3. Third, you'll need to populate the world with animals and monsters. You can simplify this by creating "communities" (large groups of a particular species operating under one ruleset) and spreading them around the map. Each community of animals/monsters should have values for population and the amount of area they're spread around, rules for generating their combat stats if encountered (and meta rules for defining the rules of a randomly generated community), and rules for determining how they grow over time, how much they tend to migrate (and for what reasons: i.e. a community of goblins might migrate in response to PCs hunting them, or migrate towards small impoverished settlements to start ransacking them), and so on. You'll also need to simulate these communities reacting to each others presence and proximity; for example, an Orc settlement would likely not be very close to a Goblin settlement without a good reason (say for example, in your world Orcs and Goblins like to work together, or Orcs tend to enslave Goblins, or Orcs and Goblins aren't necessarily evil or hostile to others and would be more like NPCs), whereas communities of Rabbits would tend to be everywhere regardless of proximity since they reproduce so quickly and consistently flee from danger.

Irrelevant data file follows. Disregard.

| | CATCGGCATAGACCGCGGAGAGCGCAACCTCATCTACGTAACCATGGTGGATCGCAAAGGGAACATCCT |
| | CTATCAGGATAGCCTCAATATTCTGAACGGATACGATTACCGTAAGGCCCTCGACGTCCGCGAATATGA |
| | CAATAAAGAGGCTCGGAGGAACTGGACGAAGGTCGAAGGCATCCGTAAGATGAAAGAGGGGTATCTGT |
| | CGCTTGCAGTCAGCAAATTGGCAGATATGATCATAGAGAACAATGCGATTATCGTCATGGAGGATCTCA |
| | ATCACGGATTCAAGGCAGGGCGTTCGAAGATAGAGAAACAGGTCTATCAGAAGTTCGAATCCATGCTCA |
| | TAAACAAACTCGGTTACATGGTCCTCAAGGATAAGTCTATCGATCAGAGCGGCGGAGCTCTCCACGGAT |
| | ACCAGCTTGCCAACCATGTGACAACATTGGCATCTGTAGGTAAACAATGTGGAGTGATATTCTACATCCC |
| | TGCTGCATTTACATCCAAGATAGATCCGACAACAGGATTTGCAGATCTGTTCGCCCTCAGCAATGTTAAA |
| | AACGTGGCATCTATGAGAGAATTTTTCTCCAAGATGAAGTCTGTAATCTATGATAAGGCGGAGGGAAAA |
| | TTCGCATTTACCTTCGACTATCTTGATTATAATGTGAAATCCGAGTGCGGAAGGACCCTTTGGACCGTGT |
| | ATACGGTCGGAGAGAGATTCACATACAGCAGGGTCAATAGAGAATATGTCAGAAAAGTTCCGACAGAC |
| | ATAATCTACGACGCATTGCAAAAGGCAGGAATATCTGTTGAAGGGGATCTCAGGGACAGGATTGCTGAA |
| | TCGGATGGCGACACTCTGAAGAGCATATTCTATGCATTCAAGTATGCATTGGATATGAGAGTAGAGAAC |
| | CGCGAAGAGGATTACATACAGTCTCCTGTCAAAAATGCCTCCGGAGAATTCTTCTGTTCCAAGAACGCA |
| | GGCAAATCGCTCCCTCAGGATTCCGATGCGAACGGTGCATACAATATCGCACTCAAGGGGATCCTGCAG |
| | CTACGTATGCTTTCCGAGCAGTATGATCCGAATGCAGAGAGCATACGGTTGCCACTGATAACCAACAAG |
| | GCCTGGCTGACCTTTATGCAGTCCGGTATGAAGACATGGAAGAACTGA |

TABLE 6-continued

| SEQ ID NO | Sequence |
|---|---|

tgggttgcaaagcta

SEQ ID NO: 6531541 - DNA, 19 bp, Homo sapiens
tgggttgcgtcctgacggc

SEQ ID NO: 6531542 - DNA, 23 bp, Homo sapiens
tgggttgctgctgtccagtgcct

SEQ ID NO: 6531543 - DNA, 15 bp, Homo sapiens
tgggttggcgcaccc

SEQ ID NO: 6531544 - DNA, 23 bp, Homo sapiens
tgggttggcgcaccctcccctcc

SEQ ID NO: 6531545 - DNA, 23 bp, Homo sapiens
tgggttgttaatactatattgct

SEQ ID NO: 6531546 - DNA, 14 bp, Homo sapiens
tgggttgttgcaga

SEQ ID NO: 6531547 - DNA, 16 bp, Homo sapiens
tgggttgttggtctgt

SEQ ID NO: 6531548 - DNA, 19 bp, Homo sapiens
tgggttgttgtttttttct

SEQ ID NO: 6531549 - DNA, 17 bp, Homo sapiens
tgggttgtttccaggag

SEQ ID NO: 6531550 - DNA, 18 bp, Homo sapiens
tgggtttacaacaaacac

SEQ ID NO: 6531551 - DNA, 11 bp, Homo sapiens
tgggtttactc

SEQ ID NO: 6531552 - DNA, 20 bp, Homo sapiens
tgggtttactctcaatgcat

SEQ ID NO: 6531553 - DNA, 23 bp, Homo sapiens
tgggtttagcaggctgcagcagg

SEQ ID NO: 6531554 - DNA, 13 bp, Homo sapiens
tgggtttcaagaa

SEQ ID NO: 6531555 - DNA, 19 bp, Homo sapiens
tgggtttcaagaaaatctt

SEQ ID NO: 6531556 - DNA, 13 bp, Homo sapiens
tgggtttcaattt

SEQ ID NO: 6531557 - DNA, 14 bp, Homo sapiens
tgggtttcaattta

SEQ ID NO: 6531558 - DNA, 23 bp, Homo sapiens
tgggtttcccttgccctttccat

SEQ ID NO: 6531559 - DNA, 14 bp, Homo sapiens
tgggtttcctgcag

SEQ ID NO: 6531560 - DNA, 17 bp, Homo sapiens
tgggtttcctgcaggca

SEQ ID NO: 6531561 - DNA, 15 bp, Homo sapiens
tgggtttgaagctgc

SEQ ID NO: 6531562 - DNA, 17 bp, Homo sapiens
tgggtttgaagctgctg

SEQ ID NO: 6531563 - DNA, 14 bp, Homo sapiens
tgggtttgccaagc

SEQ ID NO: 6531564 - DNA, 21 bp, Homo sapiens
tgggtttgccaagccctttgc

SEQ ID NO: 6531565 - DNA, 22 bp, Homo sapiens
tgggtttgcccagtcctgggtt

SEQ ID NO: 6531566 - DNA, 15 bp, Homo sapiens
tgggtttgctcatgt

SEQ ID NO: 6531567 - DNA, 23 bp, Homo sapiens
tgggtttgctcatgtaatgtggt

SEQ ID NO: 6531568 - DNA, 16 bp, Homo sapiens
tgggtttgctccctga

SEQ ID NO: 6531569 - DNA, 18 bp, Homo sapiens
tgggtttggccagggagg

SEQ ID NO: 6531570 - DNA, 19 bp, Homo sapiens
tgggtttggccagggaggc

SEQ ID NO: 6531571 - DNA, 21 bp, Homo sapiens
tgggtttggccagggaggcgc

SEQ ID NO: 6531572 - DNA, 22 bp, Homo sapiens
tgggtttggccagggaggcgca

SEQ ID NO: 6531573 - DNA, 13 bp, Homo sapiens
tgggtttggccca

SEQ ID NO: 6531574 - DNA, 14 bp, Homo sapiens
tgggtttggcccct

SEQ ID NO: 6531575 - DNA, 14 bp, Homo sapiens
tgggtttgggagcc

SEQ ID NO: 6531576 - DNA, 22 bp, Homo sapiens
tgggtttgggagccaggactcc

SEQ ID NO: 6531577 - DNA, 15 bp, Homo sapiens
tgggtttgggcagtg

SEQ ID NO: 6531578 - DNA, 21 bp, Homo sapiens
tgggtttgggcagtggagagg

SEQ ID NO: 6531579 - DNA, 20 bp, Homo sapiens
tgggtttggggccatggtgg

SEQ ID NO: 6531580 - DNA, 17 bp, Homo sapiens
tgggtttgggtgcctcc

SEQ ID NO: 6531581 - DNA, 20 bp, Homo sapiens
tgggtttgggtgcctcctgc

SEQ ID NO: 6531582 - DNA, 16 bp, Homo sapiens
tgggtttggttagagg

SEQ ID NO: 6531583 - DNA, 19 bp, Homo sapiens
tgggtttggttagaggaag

A proper sandbox MMO is dictated by algorithms. Theoretically it SHOULD be possible to kill the last boar. Killing anything should carry real consequences. More importantly, the world should know how to react. Deforesting an entire zone should turn it into a swamp, and hopefully someone rolled a druid, or else a primordial death spirit pops up, and so on.

6. You'll also need to create systems to handle how PCs influence the world around them. If a bunch of PCs start a guild and start a town, it's natural for NPCs to move in and take advantage of the protection. And then what about taxes, and making laws, and hiring a city watch, and constructing a city hall or whatever? What about a contract system that allows PCs to make agreements with each other or other NPCs? Can you (and do you even want to) create a system that allows for PCs to raise armies realistically, from supplying your army with food to simulating morale? There are so many possibilities here and it can be as complex as you like. The more realistic you make it, the more possibilities you offer your players and the more dynamic the game becomes as a result.

This, a hundred times over. The biggest problem with the modern MMMORPG is that they never adequately give people a feeling of agency.

FelixG:
isnt WoW pretty much the only successful themepark MMO?

WoW's the most successful. But UO and Everquest were also quite successful in their day.

DjinnFor:

Greg Tito:
Ryan Dancey from Goblinworks is busy creating what he calls a sandbox fantasy MMO.

Consider for a moment what would go into something like that. <huge snip>

First, your expectations for the level of detail required are ludicrous. Look at minecraft to see what it needs be at a fairly basic level. Although these days minecraft itself is quite a bit beyond basic.

Second, your suggestions seem to be based around recreating a themepark MMO, just with code rather than human programmed quests. I agree that doing such a thing would be a hell of an undertaking, but suggest that you've rather missed the point of a sandbox -- where it's the players that generate the action.